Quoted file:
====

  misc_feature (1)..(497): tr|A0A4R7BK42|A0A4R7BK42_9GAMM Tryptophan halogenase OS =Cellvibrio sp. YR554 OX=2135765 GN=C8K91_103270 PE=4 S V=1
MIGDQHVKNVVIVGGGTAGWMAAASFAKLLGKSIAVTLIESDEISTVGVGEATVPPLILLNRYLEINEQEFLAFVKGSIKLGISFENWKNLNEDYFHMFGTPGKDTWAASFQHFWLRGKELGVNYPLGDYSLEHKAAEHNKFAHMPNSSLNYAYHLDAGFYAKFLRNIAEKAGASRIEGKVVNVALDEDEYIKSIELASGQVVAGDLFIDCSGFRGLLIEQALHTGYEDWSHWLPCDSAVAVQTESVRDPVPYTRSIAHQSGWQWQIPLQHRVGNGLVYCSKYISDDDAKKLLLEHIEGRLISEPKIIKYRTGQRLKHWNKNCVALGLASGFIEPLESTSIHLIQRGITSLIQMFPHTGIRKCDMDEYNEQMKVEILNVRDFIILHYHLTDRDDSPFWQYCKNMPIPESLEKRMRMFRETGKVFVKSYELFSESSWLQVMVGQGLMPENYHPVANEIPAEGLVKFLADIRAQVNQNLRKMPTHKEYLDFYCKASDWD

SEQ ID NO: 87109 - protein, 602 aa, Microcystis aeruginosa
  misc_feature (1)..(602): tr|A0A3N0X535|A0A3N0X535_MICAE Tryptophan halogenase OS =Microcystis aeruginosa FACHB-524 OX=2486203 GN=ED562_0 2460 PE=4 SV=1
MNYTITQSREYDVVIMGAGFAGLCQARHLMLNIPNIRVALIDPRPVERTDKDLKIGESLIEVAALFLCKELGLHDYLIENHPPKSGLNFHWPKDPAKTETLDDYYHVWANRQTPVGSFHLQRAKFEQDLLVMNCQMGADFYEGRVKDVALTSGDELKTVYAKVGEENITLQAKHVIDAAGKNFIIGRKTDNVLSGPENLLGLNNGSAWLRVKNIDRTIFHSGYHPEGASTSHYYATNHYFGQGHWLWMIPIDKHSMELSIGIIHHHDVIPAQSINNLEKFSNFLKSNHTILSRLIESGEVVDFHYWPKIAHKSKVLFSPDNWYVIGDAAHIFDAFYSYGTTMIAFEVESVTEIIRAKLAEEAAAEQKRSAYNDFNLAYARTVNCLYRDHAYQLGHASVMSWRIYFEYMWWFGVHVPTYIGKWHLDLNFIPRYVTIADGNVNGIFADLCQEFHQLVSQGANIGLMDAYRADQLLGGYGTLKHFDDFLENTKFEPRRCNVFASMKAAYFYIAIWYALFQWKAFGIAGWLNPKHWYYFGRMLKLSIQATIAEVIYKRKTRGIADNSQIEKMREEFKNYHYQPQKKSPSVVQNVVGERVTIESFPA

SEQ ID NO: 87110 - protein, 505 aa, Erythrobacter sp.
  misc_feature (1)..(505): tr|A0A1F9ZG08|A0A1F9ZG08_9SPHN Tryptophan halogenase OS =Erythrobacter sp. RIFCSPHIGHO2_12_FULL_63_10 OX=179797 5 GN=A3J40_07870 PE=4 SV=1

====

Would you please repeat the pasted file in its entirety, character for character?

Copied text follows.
  misc_feature (1)..(497): tr|A0A4R7BK42|A0A4R7BK42_9GAMM Tryptophan halogenase OS =Cellvibrio sp. YR554 OX=2135765 GN=C8K91_103270 PE=4 S V=1
MIGDQHVKNVVIVGGGTAGWMAAASFAKLLGKSIAVTLIESDEISTVGVGEATVPPLILLNRYLEINEQEFLAFVKGSIKLGISFENWKNLNEDYFHMFGTPGKDTWAASFQHFWLRGKELGVNYPLGDYSLEHKAAEHNKFAHMPNSSLNYAYHLDAGFYAKFLRNIAEKAGASRIEGKVVNVALDEDEYIKSIELASGQVVAGDLFIDCSGFRGLLIEQALHTGYEDWSHWLPCDSAVAVQTESVRDPVPYTRSIAHQSGWQWQIPLQHRVGNGLVYCSKYISDDDAKKLLLEHIEGRLISEPKIIKYRTGQRLKHWNKNCVALGLASGFIEPLESTSIHLIQRGITSLIQMFPHTGIRKCDMDEYNEQMKVEILNVRDFIILHYHLTDRDDSPFWQYCKNMPIPESLEKRMRMFRETGKVFVKSYELFSESSWLQVMVGQGLMPENYHPVANEIPAEGLVKFLADIRAQVNQNLRKMPTHKEYLDFYCKASDWD

SEQ ID NO: 87109 - protein, 602 aa, Microcystis aeruginosa
  misc_feature (1)..(602): tr|A0A3N0X535|A0A3N0X535_MICAE Tryptophan halogenase OS =Microcystis aeruginosa FACHB-524 OX=2486203 GN=ED562_0 2460 PE=4 SV=1
MNYTITQSREYDVVIMGAGFAGLCQARHLMLNIPNIRVALIDPRPVERTDKDLKIGESLIEVAALFLCKELGLHDYLIENHPPKSGLNFHWPKDPAKTETLDDYYHVWANRQTPVGSFHLQRAKFEQDLLVMNCQMGADFYEGRVKDVALTSGDELKTVYAKVGEENITLQAKHVIDAAGKNFIIGRKTDNVLSGPENLLGLNNGSAWLRVKNIDRTIFHSGYHPEGASTSHYYATNHYFGQGHWLWMIPIDKHSMELSIGIIHHHDVIPAQSINNLEKFSNFLKSNHTILSRLIESGEVVDFHYWPKIAHKSKVLFSPDNWYVIGDAAHIFDAFYSYGTTMIAFEVESVTEIIRAKLAEEAAAEQKRSAYNDFNLAYARTVNCLYRDHAYQLGHASVMSWRIYFEYMWWFGVHVPTYIGKWHLDLNFIPRYVTIADGNVNGIFADLCQEFHQLVSQGANIGLMDAYRADQLLGGYGTLKHFDDFLENTKFEPRRCNVFASMKAAYFYIAIWYALFQWKAFGIAGWLNPKHWYYFGRMLKLSIQATIAEVIYKRKTRGIADNSQIEKMREEFKNYHYQPQKKSPSVVQNVVGERVTIESFPA

SEQ ID NO: 87110 - protein, 505 aa, Erythrobacter sp.
  misc_feature (1)..(505): tr|A0A1F9ZG08|A0A1F9ZG08_9SPHN Tryptophan halogenase OS =Erythrobacter sp. RIFCSPHIGHO2_12_FULL_63_10 OX=179797 5 GN=A3J40_07870 PE=4 SV=1